The tragedy of last September’s car accident involving South Dakota Attorney General Jason Ravsnborg has taken a new twist that adds more mystery and pain to what has been a slow-motion search for accountability, but it also stands as an essential part of this process.
Late on Sept. 12, a vehicle driven by Ravnsborg struck a pedestrian, Joe Boever, who was walking on the side of a highway in Hyde County. Ravsnborg, knowing he had struck something given the damage to his vehicle, contacted the sheriff, who then allowed the AG to drive to Pierre in another vehicle. The next morning, Ravnsborg returned to the crash site to, he said, clear debris from the road, and that’s when he found Boever’s body.
Late last week, Ravnsborg’s attorney filed a motion asking that Boever’s “psychiatric and/or psychological records” be included in the court proceedings because, the defense now alleges, Boever may have been suicidal and could have possibly thrown himself in front of Ravnsborg’s car on that dark night. The judge granted the request.
To most of us, this filing looks like a desperate tactic to shift the blame in the incident to the victim. However, it’s spurred by a claim made by one of the victim’s cousins who said, “I believe with a very high degree of confidence Joe committed suicide.”
Another Boever cousin, Nick Nemec, disagreed with the accusation and criticized the maneuver as a “fishing expedition.” Yet another Boever cousin, Victor Nemec, also dismissed the charge, noting Boever had said “suicide is not an option.”
This has turned what has already been an issue filled with grim twists and turns into an even darker episode.
But Ravnsborg, who is scheduled to go to trial late next month on misdemeanor charges related to the incident, does have the right to a fair trial, like any person, and is presumed innocent until proven guilty. And if this latest defensive tactic is part of that path, it can be given due consideration.
However, it remains difficult to find much sympathy for the attorney general in this tragic situation.
He is facing three misdemeanor charges — using an electronic device while driving, illegal lane change and careless driving — none of which technically have anything to do with Boever’s death. So, trying to, in effect, shift the blame to a dead man whose own death isn’t even the subject of any legal charge here is a bluntly calculated maneuver.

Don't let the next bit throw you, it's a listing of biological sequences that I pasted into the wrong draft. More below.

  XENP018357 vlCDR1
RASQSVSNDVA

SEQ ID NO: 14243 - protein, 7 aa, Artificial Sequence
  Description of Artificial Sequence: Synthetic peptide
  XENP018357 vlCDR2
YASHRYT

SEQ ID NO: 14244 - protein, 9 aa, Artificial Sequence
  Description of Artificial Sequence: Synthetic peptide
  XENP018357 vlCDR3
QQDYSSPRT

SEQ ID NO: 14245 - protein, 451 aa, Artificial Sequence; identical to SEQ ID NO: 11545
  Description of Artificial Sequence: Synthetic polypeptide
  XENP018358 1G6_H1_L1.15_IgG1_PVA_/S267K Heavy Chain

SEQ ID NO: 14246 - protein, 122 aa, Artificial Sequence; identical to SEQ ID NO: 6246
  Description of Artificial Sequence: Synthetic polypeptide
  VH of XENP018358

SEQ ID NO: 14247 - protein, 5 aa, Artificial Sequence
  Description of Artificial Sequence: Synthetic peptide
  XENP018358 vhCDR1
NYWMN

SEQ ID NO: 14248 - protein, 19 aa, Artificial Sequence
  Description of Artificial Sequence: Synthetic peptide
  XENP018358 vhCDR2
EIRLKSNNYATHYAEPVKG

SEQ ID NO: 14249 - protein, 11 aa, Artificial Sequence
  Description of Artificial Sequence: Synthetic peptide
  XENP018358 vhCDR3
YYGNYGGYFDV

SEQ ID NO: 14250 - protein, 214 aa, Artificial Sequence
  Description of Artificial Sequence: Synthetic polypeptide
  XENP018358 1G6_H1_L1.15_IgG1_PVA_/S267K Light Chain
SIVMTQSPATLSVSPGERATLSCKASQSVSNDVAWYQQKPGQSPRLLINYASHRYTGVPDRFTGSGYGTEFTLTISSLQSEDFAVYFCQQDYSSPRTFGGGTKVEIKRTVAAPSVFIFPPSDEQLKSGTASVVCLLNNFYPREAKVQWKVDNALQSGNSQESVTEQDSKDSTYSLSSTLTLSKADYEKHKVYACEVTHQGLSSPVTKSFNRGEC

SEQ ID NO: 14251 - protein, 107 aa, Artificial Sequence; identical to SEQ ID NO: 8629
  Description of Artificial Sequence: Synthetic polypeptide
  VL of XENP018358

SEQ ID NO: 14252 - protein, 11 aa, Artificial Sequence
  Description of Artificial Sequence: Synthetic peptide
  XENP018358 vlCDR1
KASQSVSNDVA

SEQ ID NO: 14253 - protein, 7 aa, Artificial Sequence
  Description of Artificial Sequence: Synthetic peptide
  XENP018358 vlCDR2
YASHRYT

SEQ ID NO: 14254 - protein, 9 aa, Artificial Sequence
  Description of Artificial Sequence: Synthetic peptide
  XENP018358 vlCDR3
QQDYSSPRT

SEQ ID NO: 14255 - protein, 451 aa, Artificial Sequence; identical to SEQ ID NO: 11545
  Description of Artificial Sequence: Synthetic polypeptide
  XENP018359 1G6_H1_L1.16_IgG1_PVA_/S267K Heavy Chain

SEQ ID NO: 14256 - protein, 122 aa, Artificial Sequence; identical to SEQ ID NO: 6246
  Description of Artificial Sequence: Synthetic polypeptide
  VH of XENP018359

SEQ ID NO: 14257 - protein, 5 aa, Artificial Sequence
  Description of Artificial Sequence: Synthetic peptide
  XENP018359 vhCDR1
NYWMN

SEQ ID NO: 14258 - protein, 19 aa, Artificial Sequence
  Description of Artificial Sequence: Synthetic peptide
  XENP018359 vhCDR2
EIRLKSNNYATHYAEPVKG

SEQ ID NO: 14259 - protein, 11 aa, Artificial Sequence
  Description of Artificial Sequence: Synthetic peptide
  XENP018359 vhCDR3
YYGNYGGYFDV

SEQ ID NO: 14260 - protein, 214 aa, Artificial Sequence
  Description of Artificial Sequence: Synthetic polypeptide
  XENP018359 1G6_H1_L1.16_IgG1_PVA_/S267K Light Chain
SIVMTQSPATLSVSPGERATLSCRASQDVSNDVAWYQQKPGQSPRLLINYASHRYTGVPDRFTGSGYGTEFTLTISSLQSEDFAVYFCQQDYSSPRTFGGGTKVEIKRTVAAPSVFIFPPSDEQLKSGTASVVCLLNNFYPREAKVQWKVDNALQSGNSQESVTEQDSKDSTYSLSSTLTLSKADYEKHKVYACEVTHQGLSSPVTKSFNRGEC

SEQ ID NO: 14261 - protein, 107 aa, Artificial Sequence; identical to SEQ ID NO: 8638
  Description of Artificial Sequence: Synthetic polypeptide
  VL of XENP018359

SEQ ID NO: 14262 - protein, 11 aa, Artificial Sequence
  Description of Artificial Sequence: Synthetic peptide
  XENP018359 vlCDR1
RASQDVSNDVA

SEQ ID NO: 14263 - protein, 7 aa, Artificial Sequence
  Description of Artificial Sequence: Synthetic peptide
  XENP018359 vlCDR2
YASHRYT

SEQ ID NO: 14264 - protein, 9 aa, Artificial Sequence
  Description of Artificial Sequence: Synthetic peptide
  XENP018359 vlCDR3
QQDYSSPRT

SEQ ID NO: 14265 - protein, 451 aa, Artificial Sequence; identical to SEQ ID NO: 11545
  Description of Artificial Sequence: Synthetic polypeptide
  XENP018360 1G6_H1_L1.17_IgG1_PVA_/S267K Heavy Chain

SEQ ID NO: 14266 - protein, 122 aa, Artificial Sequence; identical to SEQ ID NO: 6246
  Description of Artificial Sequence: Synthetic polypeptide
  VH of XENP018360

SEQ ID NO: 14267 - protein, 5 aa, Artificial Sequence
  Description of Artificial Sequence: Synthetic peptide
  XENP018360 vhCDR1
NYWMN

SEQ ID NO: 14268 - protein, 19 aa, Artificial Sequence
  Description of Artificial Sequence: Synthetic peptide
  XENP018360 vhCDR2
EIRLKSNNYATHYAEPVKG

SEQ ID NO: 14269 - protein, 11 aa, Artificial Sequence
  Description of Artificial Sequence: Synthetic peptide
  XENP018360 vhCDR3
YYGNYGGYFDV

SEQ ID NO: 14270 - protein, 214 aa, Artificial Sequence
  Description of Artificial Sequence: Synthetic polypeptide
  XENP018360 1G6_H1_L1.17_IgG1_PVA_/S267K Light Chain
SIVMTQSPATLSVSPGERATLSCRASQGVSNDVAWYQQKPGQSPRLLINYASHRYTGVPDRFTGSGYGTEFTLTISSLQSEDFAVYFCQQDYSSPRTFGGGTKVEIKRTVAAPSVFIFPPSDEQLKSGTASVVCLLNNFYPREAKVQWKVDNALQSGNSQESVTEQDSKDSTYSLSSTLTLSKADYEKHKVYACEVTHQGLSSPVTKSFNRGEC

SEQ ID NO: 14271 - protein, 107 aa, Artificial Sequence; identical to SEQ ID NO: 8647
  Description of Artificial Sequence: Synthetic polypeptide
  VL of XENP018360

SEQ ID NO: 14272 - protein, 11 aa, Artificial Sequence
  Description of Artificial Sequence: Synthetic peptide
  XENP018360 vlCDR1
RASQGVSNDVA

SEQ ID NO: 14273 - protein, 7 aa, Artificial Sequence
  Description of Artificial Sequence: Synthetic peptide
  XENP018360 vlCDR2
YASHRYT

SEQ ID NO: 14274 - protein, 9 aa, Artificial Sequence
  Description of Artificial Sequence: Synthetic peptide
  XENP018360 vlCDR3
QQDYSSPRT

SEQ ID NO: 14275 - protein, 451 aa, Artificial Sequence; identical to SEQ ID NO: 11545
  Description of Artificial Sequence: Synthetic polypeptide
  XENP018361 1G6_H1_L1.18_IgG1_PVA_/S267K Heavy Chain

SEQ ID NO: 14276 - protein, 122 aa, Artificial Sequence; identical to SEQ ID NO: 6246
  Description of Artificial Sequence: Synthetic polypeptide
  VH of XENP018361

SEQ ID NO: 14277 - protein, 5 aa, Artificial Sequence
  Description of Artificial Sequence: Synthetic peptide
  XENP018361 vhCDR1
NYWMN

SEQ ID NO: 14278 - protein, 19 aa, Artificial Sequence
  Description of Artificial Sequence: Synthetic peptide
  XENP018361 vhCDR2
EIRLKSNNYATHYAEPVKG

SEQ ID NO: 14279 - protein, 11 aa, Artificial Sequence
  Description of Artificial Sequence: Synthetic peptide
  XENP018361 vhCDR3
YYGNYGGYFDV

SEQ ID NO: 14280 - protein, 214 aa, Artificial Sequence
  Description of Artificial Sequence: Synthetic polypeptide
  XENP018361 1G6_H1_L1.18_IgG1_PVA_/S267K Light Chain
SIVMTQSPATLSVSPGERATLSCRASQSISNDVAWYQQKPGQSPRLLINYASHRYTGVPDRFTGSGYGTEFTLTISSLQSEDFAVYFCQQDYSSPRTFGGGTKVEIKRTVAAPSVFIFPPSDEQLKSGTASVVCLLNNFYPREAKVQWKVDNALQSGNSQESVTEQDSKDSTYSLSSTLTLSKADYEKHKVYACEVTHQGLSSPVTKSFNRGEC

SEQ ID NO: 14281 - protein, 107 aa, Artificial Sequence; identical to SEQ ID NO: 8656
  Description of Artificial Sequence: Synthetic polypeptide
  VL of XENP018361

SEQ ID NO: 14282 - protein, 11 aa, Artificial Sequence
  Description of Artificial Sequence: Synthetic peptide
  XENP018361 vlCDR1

This is an effort to change the perception of the situation. An investigation of the scene indicated the collision occurred on the shoulder of the highway, and the victim’s glasses were found in the car after his head smashed into the windshield on the impact. Claiming now that this may have happened more in the middle of the road and was part of a suicide attempt seems to be a reach.
Ultimately, the latest tactic might be viewed as an attempt to change the focus of this matter in order to salvage the political fortunes of the accused, who is up for reelection next year.
But again, this is Ravnsborg’s right and it is part of our judicial process.
However, this latest twist also magnifies the pain for Boever’s family and friends — which may be legally irrelevant, but it is not unimportant — and it continues to drag out a process that has already gone on for too long.
South Dakotans will certainly watch all this play out to its conclusion, but no matter the outcome, there can be no sense of satisfaction, one way or the other.